13 commonly missed deductions you should be aware of this tax season
By now you no doubt have been receiving what may seem a never ending stream of tax information needed to file your annual tax return. Whether you box up all the information and pass it to your accountant or do it yourself, the process itself can be time consuming and frustrating, which can lead to mistakes.
This is not meant to be a complete list, but some of the more common oversights. If this was a complete list, it would probably be as long as the federal tax code itself, and I am not sure I could keep your attention for that long.
Commonly missed deductions:
- Job search expenses
- Relocation costs for new employment
- Military reservist travel expenses
- State tax paid in 2012
- Mortgage points / real estate taxes
- Insurance expenses
- Investment advisory fees
- Child-care credit
Contributing as much as you can from your salary to your employer sponsored plan such as a 401(k) or 403(b) is one of the best ways to reduce your adjusted gross income (AGI). For 2013, the maximum amount you can contribute to these plans is $17,500 ($17,000 for 2012) for those under the age of 50 and $23,000 ($22,000 for 2012) for ages 50 and above. If your employer does not offer a plan, you can still make a tax deductable contribution to a traditional IRA. The maximum amount you can contribute to an IRA account is $5,500 ($5,000 for 2012). You still have until April 15 to make a contribution to a traditional IRA.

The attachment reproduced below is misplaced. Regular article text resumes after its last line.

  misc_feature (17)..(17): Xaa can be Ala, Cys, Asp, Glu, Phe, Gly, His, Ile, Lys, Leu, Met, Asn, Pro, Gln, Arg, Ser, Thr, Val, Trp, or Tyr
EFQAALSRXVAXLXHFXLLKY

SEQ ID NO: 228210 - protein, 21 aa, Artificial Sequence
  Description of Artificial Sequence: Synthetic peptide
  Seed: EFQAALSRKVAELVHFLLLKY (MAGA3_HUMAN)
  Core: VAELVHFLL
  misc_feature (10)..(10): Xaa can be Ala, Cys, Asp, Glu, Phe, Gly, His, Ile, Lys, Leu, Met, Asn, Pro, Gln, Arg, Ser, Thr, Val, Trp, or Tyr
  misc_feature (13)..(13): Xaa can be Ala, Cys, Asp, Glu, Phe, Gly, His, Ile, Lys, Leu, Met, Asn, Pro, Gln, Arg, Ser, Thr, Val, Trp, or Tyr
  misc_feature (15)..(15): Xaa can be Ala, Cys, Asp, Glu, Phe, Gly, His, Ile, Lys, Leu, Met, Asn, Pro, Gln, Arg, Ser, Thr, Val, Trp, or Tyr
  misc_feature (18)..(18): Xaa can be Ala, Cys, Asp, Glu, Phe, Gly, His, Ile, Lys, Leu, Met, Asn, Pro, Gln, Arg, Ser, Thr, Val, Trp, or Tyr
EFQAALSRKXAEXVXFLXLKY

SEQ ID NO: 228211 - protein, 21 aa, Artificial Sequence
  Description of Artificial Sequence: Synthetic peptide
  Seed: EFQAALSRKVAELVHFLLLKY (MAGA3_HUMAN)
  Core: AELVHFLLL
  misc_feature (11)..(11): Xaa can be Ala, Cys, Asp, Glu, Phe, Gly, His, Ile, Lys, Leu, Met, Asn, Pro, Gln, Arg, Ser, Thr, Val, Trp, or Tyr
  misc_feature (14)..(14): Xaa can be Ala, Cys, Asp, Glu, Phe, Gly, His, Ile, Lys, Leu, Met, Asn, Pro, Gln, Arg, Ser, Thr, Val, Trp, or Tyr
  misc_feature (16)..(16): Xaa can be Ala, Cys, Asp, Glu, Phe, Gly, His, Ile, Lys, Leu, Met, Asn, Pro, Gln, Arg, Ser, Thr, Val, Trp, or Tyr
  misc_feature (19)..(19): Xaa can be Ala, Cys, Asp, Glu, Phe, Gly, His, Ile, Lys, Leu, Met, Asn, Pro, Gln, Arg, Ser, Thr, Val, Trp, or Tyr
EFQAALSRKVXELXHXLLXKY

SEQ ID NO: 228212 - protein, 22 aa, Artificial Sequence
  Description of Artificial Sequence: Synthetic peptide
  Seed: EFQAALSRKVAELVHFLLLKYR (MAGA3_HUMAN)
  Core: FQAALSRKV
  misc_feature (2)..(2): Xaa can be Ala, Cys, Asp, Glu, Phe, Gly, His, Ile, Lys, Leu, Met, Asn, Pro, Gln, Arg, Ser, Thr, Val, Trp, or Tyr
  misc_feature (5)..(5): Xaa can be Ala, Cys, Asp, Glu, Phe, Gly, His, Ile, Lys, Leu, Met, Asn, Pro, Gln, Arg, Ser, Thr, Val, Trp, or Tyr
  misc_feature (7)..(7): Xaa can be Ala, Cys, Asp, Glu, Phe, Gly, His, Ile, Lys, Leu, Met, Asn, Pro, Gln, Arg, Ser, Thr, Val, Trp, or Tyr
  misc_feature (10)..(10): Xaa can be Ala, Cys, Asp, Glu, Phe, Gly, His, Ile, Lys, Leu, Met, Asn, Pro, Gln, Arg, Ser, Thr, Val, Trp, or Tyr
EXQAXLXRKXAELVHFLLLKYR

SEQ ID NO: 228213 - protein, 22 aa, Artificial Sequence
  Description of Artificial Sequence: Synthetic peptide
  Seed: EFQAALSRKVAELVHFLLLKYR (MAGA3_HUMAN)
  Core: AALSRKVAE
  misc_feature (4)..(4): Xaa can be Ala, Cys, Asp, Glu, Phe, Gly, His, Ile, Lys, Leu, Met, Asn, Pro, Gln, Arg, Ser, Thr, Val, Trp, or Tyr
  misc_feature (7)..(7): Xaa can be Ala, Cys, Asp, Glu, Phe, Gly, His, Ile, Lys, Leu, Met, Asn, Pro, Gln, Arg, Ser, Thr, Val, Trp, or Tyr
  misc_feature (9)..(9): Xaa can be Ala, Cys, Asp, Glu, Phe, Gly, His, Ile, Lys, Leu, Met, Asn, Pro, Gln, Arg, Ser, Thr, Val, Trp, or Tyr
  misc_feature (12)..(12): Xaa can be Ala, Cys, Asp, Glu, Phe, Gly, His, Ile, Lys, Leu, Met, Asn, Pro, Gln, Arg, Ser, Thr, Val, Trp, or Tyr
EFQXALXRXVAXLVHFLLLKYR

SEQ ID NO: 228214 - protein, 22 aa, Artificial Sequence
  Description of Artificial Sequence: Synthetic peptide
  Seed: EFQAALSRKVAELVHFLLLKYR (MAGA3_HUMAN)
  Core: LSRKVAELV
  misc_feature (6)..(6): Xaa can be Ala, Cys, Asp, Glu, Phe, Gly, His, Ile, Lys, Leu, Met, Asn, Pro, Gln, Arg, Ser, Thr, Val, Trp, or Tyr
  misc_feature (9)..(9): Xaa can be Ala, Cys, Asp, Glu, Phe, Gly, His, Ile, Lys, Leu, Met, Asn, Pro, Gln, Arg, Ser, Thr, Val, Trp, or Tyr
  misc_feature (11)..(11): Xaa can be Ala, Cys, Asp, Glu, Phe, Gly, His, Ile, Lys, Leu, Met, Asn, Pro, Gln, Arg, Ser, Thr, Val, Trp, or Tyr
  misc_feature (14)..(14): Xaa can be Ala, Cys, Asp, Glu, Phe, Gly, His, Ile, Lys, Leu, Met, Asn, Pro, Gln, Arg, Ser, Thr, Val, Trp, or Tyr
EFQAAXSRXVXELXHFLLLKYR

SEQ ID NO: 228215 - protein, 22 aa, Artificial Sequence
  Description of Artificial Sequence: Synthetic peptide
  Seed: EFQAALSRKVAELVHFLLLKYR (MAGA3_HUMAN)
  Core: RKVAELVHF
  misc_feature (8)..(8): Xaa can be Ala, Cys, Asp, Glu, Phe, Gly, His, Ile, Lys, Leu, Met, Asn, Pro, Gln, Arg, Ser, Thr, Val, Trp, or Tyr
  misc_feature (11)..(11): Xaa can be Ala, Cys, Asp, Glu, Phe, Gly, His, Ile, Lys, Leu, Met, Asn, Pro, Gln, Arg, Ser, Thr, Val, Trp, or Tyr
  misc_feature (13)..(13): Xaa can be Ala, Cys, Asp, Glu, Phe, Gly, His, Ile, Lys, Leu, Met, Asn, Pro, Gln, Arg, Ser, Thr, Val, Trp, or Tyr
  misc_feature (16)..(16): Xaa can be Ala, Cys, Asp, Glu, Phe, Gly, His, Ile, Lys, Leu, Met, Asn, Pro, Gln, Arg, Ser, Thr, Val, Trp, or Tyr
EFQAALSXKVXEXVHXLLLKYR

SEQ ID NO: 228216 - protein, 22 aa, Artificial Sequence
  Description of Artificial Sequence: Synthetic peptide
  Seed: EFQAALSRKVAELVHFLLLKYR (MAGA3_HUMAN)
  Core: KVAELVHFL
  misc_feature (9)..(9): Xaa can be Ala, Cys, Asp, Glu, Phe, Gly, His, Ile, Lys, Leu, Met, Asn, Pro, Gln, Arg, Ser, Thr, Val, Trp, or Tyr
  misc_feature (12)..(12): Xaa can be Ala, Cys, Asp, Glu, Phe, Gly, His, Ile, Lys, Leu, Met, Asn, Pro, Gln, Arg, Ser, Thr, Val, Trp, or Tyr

Most of us will have made some type of charitable donation in the form of cash, appreciated securities or clothing and household items to our local church, favorite charity or fundraiser.
Clothing and household items donated to charity are a bit harder to value for tax purposes. You may want to use valuation software to determine the value of your donations. Doing this may actually calculate a higher value for your donation than you had originally thought.
Finally, the IRS is cracking down on bogus deductions, including donations to a charitable entity, so make sure to follow the proper procedures when making your charitable donations. You will need to confirm the tax-exempt status of the entity receiving your donation and understand what is required of you, the donor. I suggest reading the IRS Publication 1771 for additional clarification.
If you own mutual funds, you may receive periodic dividends as well as capital gains over time. The dollar amount of these distributions are added to your tax basis. Tax basis is the value used when determining the gain or loss when selling the fund. While the mutual fund will normally track the tax basis, the investor is ultimately responsible for the correct calculation of the gain or loss. Make sure you use the tax basis to determine any gain you have or you may end up paying a higher capital gain tax than you actually owe.
Capital loss carryovers
You are allowed to use capital losses to offset capital gains for the year. If you have a net capital loss, you can use up to $3,000 of that loss to offset your income. If you still have an excess loss above $3,000, you can carry that loss forward into future years. The realized losses you carry forward from prior years do not expire, so make certain to use any unused losses that you may have accumulated to offset any gains.
Hire a professional
Lastly, a tax professional can help avoid many of the mistakes or oversights often made. This is especially true if your personal finances are more complex. However, keep in mind that a tax adviser is dependent on the accuracy and quality of the records you keep and the information you provide them.
Brett N. Karras is president of the Karras Company, an independent registered investment adviser with approximately $800 million in assets under management.